Matt Stokes’s practice stems from a long-term inquiry into subcultures and phenomena that provide a sense of collectivity, shaping and influencing people’s lives and identities. His works are made by immersing himself in settings through which collaborations with informal communities arise, resulting in context-specific films, installations and events.
Photographer: Colin Davison
Photographer: Christian Lesemann
Cantata Profana is a unique six-channel video and audio installation that extended Stokes’ interest into how music subcultures shape life-styles and beliefs, questioning how common perceptions from both within and outside of associated communities may be reconsidered. The research and methodologies placed emphasis on collaboration and experimentation in pursuit of creating a highly original choral composition for the voices of Extreme Metal vocalists.
A short film about Cantata Profana including interviews with Stokes and David Metcalfe (Director, Forma) can be viewed online at: http://vimeo.com/61612152
The work specifically explores, and challenges, traditional choral modes via the conflicting vocal techniques used in Extreme Metal music. Cantata Profana primarily focuses on one subgenre developed from Heavy Metal during the mid 1980s: Grindcore. Characterised by growled or high-pitched vocals accompanied by amplified, heavily distorted, down-tuned guitars, and rapid drum ‘blast’ beats Grindcore contests music traditions and popular tastes, deliberately exercising itself as a form of anti-music.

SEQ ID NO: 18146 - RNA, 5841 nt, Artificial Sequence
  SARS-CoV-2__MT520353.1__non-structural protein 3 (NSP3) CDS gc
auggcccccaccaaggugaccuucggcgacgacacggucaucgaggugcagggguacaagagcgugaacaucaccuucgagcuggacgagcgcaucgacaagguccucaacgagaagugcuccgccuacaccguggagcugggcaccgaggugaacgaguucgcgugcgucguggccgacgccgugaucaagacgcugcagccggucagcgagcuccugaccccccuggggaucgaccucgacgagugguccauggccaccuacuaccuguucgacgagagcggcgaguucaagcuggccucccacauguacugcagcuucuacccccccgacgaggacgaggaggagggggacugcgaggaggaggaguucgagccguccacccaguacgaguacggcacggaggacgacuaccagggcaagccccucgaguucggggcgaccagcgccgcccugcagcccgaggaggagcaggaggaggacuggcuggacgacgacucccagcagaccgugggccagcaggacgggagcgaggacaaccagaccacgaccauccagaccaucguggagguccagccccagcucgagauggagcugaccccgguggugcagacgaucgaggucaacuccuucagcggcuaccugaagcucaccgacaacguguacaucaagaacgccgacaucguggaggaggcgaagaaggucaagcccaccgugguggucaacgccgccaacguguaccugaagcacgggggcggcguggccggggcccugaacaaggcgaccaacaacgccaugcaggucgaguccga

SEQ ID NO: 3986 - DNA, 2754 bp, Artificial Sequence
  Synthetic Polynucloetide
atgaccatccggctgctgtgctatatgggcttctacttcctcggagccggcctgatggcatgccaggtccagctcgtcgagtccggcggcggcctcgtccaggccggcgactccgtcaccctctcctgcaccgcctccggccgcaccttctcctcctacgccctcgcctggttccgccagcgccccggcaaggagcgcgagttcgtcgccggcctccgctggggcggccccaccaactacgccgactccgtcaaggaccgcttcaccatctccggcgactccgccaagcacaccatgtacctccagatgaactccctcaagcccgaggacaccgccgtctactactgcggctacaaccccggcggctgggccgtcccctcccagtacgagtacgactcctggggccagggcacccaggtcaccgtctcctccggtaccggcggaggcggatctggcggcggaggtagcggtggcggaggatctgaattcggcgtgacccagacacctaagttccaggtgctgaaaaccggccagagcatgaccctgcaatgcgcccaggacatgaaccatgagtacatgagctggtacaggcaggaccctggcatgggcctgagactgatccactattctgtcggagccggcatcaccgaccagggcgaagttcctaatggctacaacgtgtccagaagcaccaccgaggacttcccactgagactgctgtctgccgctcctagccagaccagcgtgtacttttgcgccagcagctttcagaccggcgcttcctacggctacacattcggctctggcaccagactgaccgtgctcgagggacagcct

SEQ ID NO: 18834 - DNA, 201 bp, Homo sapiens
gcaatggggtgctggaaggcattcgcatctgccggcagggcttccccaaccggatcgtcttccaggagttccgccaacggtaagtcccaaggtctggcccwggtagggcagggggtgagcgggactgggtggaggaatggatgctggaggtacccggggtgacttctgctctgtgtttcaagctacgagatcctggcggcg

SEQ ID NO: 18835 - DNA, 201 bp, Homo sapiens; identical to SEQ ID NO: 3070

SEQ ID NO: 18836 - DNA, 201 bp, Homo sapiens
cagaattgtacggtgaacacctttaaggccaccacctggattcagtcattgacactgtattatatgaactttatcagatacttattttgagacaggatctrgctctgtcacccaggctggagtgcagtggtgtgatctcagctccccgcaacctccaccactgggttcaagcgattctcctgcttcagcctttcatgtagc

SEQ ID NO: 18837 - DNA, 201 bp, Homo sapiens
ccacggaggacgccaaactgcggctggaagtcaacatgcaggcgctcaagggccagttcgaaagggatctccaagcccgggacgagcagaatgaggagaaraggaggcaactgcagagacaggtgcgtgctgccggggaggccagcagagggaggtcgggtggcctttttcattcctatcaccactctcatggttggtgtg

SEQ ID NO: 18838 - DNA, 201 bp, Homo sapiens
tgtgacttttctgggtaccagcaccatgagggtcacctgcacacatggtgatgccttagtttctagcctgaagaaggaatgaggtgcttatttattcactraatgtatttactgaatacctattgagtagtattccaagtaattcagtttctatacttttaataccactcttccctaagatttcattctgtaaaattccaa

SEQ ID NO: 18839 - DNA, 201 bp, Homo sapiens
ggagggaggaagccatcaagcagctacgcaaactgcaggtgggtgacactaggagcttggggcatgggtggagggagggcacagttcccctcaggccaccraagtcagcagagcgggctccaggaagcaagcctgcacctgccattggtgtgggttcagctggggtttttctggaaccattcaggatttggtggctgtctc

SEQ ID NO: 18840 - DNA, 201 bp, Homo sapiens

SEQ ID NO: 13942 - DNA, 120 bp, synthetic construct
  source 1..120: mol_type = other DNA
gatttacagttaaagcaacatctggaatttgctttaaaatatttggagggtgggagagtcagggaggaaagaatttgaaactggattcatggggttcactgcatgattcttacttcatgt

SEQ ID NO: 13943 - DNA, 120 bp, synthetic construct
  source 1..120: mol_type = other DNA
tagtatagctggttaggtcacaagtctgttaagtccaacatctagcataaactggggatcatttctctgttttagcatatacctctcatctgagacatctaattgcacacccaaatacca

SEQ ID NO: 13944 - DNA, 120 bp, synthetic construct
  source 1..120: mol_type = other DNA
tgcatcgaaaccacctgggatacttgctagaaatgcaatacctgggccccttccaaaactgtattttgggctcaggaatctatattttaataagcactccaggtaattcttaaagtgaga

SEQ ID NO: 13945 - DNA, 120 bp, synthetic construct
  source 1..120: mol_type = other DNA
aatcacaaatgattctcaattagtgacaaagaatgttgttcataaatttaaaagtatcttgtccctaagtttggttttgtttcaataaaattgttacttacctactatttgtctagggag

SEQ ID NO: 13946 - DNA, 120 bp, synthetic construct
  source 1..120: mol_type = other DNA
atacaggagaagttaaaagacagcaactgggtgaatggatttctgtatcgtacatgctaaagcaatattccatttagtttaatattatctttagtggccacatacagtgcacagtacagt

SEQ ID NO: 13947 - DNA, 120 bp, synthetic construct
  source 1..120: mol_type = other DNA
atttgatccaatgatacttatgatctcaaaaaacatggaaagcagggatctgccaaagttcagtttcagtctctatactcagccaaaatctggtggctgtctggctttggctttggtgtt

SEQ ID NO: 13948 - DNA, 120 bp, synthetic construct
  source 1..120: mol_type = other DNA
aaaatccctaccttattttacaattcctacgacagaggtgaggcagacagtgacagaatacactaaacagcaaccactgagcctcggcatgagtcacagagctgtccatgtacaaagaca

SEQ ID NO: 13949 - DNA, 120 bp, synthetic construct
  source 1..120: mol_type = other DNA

In collaboration with a number of Grindcore vocalists and experts (see further information for more details) Stokes choral composition arranges multiple voices, without instrumentation, to question conventional cultural parameters concerning the value of certain vocal qualities and to investigate the (predominantly unchartered) diverse emotions relayed by Extreme Metal vocalists when producing sounds.
Requiring continual discussion, fluidity, assessment and experimentation, the work developed over three stages:
Along with the composer Orlando Gough, Stokes created a long-list of vocalists, drawn up through extensive research of band websites, Extreme Metal festivals, UK ‘gigs’, niche Metal record labels and promoters. The long-list introduced Gough to the palette of sounds, textures and techniques used in Grindcore. Six vocalists were then chosen to provide depth to the composition and to offer scope for the proposed multi-channel video and audio installations.
Prior to rehearsing with the vocalists, Gough and Stokes developed ideas for the outline composition and lyrics, using Bela Bartok’s Cantata Profana as an initial point of reference. This outline was later discarded, so that vocalists could ‘workshop’ ideas at the recording studios in a less restricted manner. Over four days, participants took part in a number of sessions led by Gough (e.g. to identify the spectrum of each vocalist) and bursts of experimentation recorded by Tim Kerr (a member of a seminal 80s American Punk Hardcore band). A rough composition, which applied methods associated with traditional choral music, was then refined, reworked and rehearsed, weaving in lyrics written by one vocalist.